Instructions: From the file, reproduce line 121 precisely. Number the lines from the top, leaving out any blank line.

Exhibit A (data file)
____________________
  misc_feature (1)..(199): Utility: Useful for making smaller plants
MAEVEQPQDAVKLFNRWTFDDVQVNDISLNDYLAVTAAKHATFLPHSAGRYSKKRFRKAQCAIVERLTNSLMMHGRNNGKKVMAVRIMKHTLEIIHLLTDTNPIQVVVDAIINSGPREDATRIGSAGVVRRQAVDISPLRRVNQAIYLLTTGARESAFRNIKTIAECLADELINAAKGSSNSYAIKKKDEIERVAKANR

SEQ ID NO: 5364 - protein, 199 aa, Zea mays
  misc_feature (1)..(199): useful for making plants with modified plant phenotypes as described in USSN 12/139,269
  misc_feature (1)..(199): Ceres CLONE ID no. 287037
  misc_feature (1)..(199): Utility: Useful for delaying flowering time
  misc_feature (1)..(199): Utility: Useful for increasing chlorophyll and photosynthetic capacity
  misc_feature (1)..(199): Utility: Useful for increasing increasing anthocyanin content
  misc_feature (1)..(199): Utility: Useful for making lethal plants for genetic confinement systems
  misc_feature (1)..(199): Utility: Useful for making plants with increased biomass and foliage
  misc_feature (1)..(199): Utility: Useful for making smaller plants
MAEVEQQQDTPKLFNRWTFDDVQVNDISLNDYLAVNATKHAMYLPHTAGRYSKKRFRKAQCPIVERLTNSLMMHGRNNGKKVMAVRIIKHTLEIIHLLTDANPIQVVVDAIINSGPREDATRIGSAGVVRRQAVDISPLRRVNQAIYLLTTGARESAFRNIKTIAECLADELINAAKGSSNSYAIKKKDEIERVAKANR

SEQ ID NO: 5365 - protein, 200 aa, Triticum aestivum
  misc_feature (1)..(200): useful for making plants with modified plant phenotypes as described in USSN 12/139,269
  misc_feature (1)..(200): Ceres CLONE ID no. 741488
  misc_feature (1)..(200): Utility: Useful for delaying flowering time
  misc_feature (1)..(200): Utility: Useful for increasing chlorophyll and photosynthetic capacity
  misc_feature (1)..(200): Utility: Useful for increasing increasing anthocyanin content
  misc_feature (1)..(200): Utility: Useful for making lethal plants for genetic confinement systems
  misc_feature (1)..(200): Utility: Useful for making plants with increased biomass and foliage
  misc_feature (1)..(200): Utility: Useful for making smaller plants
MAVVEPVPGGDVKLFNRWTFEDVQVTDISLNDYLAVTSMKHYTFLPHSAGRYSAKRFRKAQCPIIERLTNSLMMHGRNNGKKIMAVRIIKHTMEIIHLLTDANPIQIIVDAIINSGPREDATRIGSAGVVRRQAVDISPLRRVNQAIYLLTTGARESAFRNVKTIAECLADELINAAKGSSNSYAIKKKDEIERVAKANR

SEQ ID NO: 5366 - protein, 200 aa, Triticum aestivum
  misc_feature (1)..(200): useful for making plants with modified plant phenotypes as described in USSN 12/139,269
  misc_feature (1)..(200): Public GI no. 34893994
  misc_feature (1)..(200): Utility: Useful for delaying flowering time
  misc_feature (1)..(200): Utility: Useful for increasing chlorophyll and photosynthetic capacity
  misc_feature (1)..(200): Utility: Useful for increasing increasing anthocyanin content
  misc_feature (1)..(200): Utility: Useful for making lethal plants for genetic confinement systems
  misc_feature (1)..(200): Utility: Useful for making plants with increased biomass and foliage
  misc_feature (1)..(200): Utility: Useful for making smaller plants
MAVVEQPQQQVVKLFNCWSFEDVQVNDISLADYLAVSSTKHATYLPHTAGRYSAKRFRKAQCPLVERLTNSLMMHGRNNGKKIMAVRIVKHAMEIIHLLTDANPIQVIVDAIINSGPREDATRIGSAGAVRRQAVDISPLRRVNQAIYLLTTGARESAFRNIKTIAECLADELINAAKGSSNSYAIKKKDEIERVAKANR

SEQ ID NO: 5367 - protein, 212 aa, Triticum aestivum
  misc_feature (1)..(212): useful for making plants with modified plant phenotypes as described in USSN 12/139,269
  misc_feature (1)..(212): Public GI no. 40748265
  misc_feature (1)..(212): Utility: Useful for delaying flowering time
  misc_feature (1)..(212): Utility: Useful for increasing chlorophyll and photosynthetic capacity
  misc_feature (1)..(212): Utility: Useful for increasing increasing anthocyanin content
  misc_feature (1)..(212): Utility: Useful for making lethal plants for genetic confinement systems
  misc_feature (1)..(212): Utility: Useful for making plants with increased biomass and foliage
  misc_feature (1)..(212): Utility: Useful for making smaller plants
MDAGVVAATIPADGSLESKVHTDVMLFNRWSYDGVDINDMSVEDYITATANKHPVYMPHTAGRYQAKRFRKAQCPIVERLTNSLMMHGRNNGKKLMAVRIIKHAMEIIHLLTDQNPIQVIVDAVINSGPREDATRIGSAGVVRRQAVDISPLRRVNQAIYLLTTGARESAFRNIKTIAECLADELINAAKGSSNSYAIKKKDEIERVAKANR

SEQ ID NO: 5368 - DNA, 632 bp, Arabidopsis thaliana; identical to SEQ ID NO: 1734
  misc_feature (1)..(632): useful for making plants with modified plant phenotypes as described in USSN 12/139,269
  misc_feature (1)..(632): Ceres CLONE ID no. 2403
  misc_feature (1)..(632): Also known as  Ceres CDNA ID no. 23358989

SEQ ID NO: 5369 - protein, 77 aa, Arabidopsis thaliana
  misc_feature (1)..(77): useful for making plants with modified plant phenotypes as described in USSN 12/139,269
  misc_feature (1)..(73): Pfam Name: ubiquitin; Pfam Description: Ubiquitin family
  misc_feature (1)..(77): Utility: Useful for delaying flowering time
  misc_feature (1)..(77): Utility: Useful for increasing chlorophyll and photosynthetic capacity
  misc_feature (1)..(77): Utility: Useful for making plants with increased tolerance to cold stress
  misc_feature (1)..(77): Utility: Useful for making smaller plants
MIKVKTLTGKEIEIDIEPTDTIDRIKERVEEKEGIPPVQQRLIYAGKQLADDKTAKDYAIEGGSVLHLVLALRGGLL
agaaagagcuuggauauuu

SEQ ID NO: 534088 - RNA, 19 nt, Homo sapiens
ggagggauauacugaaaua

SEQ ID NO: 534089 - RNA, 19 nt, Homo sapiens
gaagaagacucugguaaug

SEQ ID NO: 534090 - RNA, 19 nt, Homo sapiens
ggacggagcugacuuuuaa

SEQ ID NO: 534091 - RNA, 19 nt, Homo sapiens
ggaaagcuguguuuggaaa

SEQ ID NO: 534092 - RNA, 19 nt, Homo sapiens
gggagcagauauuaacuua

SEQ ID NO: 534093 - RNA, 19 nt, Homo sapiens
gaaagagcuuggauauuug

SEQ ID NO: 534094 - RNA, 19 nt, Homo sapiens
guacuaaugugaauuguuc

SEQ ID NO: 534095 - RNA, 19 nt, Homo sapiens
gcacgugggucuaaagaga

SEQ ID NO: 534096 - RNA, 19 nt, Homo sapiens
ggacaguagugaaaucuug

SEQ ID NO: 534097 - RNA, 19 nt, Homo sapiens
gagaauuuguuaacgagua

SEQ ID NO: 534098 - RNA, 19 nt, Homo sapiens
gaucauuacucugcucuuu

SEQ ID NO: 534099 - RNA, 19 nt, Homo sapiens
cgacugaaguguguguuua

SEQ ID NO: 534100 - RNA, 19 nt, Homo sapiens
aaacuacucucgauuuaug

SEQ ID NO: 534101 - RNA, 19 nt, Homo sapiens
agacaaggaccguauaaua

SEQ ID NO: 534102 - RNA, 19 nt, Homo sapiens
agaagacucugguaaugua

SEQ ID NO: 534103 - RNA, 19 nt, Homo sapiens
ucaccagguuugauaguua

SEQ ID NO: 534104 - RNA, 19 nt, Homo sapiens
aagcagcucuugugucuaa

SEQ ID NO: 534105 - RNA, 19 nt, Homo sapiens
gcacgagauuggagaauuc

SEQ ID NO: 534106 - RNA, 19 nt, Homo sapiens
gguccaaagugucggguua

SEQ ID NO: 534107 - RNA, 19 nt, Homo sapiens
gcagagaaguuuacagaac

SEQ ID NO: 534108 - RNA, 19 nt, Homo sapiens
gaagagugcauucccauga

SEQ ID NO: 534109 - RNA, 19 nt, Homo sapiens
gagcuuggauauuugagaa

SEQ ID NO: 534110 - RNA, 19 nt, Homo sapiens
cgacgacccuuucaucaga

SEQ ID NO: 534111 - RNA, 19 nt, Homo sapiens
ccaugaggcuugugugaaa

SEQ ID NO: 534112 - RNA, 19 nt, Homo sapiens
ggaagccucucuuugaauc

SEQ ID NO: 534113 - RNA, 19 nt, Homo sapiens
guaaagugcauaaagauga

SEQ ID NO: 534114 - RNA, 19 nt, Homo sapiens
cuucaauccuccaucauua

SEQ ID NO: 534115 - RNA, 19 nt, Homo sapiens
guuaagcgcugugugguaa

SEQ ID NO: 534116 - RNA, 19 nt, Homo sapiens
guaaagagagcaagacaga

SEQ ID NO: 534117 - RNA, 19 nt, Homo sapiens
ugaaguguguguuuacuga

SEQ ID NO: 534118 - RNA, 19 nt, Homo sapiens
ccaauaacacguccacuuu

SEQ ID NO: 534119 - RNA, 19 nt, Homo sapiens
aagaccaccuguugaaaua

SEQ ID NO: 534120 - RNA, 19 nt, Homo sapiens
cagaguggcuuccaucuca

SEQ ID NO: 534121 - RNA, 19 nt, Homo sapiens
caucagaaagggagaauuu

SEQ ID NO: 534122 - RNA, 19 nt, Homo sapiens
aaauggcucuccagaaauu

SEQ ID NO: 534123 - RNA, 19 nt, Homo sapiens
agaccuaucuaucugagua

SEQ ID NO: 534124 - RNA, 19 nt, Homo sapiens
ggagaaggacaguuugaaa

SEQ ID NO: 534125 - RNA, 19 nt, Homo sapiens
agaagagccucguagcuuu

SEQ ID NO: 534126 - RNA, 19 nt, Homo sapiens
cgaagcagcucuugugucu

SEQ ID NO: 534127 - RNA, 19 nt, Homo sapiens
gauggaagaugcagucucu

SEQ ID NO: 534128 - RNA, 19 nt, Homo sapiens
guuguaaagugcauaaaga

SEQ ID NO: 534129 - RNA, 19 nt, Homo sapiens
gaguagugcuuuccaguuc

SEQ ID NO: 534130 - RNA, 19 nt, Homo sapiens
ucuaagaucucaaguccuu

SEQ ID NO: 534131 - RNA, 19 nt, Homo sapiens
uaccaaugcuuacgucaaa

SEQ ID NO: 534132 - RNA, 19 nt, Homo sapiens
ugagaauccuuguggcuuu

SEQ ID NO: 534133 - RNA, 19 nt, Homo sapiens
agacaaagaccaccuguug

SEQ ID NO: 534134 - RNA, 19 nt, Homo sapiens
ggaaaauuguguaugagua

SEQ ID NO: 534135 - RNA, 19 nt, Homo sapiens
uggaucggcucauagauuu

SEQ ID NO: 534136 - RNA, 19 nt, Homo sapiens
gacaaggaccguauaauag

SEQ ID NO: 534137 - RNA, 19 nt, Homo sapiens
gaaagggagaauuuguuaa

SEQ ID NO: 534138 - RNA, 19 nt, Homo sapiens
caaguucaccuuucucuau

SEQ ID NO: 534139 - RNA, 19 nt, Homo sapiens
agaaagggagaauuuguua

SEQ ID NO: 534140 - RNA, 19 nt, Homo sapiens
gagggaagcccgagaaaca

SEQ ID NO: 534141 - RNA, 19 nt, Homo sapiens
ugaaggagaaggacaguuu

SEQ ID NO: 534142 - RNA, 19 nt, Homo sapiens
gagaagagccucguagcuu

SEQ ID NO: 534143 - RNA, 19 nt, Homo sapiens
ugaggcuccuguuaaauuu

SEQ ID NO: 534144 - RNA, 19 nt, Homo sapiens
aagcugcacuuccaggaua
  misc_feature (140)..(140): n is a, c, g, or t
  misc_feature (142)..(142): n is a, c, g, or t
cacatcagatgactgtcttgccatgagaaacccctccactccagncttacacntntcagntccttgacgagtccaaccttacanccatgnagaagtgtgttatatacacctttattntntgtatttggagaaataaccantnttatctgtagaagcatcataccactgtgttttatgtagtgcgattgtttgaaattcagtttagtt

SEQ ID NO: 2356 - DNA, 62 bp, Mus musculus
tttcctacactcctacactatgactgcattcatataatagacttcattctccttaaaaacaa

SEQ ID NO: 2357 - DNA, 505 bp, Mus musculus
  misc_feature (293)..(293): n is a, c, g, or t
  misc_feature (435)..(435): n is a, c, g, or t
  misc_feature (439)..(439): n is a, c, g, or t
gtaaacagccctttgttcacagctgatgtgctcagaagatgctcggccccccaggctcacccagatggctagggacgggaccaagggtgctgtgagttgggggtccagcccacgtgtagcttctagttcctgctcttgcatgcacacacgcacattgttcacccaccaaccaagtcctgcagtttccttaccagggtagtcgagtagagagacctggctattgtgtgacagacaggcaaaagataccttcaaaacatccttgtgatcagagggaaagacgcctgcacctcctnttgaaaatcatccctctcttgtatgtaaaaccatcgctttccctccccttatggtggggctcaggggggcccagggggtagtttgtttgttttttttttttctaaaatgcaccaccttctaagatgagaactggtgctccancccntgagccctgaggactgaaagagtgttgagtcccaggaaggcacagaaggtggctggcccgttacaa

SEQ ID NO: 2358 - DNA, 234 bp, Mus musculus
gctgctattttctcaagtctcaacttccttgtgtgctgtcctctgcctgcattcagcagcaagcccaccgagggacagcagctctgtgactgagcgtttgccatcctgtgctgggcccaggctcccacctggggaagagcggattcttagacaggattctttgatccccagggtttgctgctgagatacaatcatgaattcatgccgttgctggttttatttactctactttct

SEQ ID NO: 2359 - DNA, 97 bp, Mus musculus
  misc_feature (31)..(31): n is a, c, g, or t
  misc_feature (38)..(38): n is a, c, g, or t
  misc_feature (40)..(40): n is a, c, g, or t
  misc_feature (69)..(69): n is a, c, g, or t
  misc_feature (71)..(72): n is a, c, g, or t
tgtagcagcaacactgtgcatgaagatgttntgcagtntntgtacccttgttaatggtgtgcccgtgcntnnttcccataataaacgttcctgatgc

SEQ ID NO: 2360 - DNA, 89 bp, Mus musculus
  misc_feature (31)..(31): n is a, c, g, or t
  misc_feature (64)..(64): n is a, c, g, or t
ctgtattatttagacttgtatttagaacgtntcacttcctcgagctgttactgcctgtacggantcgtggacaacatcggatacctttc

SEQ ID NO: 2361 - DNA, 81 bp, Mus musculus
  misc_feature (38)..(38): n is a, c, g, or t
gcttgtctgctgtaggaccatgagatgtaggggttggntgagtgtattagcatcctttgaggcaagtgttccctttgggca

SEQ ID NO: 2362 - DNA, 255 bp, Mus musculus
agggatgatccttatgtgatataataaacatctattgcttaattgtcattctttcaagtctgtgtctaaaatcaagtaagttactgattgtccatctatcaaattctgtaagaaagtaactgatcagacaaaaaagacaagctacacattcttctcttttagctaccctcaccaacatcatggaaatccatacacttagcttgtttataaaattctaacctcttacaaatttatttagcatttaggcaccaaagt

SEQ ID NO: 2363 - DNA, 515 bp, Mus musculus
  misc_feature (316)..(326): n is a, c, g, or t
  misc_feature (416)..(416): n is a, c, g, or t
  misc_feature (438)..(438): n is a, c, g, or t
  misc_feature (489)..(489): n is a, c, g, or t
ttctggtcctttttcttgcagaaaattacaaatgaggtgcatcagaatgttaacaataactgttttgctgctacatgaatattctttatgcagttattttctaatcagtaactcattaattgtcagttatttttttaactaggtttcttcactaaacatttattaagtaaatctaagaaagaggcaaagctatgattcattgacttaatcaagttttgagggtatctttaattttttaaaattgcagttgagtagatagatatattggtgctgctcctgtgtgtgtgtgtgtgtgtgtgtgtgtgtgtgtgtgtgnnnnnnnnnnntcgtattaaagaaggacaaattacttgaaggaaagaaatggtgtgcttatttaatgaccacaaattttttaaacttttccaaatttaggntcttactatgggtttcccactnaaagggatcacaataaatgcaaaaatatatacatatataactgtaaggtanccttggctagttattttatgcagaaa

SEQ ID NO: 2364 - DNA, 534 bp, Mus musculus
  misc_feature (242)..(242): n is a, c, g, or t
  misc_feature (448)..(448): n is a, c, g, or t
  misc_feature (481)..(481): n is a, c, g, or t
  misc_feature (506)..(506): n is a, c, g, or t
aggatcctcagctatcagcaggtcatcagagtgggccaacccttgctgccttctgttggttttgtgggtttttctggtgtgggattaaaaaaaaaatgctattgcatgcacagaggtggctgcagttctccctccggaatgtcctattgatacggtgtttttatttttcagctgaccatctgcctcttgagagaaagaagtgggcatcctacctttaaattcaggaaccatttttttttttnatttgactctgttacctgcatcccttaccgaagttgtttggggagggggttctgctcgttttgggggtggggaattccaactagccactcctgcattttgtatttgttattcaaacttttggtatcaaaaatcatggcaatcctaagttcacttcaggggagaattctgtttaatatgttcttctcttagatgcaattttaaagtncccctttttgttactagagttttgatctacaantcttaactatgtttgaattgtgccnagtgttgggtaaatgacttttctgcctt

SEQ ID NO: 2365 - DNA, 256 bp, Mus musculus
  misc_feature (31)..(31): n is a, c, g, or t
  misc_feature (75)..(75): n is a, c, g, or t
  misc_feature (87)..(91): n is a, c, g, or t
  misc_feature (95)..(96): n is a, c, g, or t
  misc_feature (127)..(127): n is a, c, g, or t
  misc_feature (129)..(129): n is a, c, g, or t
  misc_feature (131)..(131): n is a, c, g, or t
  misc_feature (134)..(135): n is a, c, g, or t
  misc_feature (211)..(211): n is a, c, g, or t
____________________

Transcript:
cagaguggcuuccaucuca